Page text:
She would be removed from the city, from life, from bondage.
    Removed to freedom.


  3. Shivered Wings and Painted Bones

    “You called?” The dark-haired man cocked a quizzical eyebrow towards Ria before casting his eyes upwards to take in the display overhead; the shiver of wings a low level hum above their heads.

    “Not exactly,” she replied. “Everyone’s got to make a living. You’re somewhat late to the party though. The gallery was pretty lively an hour ago.”

    “Too early,” Ria’s companion said. “Besides, I bring my own.” He gestured towards the curved vessel bent about his hip.

    “So long as you’re willing to share. Some of us are tired and might need a pick me up.” The woman’s eyes were shadowed, her light hair dank and dishevelled.

    “Share and share alike. It’s all even between us, as ever.” The man shrugged, eyes playful. “They’re pretty.” He gestured towards the heaving hooves. As he did so, foam began to fall from above the skeletal eye sockets of a coal coloured colt. “Nice touch,” he nodded.

    “It seemed apt, considering.”

    “What are they called?”


    “The piece.” The man’s slate grey eyes rolled. “What did you think I meant?” A corner of his mouth twitched.

    “I guess it’s called Shivered Wings and Painted Bones. Or something like that, anyway.” She waved a dismissive hand towards the thin legs beating time overhead.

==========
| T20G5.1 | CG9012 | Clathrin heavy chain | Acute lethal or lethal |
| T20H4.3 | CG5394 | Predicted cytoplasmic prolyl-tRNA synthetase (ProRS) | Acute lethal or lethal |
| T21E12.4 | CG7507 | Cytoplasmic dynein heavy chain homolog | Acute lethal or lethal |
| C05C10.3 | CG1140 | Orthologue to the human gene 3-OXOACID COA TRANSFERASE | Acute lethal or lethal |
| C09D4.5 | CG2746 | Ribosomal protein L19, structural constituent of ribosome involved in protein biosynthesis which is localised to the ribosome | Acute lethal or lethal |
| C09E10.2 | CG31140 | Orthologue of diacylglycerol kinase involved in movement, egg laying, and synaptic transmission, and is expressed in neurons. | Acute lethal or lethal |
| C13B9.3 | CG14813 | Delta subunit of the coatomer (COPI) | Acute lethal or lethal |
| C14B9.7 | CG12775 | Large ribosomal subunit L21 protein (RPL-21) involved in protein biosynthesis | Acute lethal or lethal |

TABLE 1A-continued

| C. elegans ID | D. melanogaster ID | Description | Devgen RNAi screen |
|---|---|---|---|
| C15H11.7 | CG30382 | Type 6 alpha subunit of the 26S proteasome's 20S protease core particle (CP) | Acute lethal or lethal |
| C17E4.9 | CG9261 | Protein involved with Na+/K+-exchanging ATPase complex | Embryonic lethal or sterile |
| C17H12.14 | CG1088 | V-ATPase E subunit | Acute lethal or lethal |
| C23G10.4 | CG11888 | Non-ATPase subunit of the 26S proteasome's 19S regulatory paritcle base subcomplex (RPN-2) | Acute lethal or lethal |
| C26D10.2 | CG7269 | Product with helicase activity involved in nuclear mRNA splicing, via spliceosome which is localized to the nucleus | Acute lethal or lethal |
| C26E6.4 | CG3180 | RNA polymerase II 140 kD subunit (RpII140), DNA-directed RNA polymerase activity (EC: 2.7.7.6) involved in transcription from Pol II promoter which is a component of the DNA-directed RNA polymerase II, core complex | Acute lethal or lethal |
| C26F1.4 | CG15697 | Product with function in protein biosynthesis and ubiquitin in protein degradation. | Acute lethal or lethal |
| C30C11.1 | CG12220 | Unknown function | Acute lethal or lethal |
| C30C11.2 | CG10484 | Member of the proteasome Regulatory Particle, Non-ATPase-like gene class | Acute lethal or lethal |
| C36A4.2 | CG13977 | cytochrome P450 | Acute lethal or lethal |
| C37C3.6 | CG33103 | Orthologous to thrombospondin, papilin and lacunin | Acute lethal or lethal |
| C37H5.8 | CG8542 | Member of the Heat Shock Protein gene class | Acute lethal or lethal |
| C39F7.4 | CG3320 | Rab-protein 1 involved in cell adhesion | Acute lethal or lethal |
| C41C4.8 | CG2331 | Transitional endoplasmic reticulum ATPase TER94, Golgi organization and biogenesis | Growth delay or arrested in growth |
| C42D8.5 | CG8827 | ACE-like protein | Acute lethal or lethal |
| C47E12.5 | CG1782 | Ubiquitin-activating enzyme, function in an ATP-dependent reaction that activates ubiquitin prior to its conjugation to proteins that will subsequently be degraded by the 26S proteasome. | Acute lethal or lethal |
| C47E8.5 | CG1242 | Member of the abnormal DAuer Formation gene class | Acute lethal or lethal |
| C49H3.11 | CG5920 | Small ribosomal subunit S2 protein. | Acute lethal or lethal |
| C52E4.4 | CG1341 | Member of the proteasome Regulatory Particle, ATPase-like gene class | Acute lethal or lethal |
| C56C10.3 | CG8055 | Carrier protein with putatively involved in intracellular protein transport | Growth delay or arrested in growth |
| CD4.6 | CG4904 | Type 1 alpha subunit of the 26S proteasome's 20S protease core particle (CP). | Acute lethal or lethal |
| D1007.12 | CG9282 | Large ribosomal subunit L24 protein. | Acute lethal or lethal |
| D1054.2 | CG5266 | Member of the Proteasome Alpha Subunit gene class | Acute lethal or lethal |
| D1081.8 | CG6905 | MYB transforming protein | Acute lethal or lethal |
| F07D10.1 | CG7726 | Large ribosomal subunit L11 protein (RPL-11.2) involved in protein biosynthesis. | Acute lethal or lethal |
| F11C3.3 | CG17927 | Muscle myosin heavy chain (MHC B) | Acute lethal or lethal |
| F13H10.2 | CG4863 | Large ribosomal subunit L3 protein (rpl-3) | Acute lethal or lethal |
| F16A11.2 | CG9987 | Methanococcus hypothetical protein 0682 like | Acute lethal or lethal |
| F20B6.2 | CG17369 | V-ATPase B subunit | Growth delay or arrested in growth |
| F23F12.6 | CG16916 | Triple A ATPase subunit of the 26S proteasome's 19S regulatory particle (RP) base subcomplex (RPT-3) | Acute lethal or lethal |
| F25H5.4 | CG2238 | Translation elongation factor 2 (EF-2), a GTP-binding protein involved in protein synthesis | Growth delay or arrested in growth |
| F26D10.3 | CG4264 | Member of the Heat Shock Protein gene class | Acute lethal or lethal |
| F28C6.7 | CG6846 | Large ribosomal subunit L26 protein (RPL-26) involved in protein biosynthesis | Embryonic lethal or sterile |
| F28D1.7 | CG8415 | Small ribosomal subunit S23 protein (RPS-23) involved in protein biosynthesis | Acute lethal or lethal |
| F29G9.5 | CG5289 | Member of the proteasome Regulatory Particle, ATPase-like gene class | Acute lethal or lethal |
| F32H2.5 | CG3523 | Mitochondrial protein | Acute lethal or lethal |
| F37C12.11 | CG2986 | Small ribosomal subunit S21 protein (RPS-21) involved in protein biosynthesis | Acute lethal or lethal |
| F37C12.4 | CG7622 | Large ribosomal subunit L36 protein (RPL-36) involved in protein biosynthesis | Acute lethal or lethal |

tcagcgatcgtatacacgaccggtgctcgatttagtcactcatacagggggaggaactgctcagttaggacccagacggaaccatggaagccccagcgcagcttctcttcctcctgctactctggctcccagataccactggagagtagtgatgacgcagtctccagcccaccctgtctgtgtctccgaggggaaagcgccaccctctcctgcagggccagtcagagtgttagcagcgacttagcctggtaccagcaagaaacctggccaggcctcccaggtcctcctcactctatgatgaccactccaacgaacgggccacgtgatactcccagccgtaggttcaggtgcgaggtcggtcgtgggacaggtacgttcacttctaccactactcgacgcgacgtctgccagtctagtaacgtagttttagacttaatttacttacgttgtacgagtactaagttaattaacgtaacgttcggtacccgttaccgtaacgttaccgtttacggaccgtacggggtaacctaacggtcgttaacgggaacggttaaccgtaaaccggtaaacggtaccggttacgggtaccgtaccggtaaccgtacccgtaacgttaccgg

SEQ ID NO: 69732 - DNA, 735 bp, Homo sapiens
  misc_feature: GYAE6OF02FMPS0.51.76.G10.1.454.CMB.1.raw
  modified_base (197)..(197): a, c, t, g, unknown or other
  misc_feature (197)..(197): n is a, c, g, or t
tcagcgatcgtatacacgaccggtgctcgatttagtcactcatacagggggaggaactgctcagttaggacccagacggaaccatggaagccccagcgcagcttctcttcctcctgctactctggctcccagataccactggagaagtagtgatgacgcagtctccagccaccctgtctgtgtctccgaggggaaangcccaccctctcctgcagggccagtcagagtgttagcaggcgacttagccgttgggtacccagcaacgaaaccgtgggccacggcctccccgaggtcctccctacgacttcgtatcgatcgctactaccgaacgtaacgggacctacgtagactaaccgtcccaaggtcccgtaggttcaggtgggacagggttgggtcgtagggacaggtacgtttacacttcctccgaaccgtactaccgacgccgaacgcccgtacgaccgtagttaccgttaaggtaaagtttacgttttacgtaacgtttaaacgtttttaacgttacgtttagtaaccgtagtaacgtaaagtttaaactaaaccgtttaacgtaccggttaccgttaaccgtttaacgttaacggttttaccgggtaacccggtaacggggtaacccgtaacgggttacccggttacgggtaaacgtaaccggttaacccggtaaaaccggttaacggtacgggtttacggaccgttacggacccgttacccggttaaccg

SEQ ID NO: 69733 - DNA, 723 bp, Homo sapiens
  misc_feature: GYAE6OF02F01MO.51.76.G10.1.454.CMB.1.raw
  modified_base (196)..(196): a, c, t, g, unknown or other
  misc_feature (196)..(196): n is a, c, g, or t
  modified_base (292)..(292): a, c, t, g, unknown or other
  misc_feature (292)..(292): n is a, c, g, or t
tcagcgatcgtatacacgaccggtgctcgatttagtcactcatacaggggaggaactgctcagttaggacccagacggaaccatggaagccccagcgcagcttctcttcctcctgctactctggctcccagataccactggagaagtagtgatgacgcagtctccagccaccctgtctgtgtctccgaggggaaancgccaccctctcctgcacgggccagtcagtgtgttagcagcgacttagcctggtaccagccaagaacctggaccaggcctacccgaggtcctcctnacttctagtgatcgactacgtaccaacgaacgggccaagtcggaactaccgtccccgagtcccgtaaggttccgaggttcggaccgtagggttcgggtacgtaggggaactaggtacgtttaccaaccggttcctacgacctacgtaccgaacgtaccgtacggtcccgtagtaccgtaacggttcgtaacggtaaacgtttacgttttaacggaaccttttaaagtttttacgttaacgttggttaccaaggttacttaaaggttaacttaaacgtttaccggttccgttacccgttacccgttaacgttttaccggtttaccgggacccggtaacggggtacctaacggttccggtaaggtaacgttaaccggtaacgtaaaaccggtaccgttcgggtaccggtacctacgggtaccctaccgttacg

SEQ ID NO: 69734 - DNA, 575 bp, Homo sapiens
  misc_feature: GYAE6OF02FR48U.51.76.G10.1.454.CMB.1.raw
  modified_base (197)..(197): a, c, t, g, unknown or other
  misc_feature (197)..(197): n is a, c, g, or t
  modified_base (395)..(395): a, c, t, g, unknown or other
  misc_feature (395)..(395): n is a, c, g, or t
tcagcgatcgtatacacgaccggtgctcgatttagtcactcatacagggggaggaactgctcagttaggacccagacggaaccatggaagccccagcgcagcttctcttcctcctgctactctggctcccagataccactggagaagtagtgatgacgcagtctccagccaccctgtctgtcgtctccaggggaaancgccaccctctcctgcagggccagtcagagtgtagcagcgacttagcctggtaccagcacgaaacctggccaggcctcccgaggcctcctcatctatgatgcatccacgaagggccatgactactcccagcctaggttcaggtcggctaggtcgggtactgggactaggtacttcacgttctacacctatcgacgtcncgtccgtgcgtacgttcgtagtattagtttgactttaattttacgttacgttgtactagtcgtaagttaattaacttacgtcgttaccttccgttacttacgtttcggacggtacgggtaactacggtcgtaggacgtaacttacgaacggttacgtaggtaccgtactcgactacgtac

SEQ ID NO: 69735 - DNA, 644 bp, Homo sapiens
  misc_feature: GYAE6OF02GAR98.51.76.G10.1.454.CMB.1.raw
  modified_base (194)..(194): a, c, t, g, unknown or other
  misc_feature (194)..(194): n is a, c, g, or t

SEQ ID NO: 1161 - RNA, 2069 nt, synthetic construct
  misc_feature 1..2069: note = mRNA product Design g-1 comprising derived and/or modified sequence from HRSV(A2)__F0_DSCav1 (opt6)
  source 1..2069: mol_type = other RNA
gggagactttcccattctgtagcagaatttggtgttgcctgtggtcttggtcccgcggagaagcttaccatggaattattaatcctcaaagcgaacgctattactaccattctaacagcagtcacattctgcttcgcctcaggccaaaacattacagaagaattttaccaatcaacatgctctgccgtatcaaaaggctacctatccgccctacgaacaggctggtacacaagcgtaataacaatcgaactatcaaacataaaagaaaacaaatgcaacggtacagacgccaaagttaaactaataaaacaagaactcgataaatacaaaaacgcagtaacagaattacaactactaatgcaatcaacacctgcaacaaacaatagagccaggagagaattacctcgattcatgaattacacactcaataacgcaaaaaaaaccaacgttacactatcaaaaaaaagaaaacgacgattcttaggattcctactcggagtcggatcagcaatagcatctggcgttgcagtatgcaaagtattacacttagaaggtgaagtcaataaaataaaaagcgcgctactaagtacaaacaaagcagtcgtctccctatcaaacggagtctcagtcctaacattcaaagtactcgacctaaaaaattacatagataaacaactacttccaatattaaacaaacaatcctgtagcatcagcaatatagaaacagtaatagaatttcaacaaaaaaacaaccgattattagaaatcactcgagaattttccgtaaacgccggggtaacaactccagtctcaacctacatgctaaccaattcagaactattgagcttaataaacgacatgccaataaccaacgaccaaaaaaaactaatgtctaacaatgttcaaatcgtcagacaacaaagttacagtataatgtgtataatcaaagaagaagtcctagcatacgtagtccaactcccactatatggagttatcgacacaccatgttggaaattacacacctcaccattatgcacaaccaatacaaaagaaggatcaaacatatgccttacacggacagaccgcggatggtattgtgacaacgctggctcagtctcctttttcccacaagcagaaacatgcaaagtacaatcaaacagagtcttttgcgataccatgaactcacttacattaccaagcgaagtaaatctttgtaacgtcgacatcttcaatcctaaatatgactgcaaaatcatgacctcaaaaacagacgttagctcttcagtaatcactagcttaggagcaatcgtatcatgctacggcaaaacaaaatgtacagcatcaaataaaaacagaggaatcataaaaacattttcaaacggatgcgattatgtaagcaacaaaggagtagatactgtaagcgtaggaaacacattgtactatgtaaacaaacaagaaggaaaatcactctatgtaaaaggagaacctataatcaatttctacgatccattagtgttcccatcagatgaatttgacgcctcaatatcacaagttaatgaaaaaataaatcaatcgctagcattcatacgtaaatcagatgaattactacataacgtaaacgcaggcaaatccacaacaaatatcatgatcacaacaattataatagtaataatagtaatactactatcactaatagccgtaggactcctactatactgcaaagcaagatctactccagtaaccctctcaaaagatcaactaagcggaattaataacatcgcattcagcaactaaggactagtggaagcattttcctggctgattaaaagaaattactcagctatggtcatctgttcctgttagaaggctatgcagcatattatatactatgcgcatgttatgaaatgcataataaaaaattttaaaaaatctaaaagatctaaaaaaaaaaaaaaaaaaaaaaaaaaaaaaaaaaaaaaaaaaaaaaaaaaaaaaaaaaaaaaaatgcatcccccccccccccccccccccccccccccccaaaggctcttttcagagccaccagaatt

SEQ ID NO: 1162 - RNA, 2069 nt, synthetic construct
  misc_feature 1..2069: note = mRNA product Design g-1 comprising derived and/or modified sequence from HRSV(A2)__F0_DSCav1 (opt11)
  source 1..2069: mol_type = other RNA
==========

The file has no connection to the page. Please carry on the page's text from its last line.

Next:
“You thought they’d notice?”

    “I thought you’d notice,” the woman replied. “There’s a difference.”

    “You generally are,” her visitor said. “I’m used to it. It’s not like you haven’t been organising me for years, is it?”

    “Practice,” Ria said. “Plus, isn’t that what families are for?”

    “Sometimes, sister dearest,” the man said. He sighed. “I miss them. Think you could magic up a way for them to take us back?”

    Ria scoffed. “To be that good!” After a moment, she sighed. “Maybe one day. They’re just memories brought into being.” She bit her lip, nibbling. “I’m working on it.”



  4. “There it is,” Allie said. They stood at the foot of the large wooden statue of the winged horse.

    “I can’t believe it,” Kat said. “I’ve walked by the Centaur hundreds of times. Are you sure?” She snapped a quick photo with her smartphone.

    “Yes. I read it in my mum’s high school diary.”

    “What else did you read there? Juicy details?”

    “Kat! She’s still my mum!”

    “Ok, some other time. I’m not forgetting it!”

    They stared at the centaur statue for a minute in silence. Even at this hour of the night, the deserted mall’s lights were on.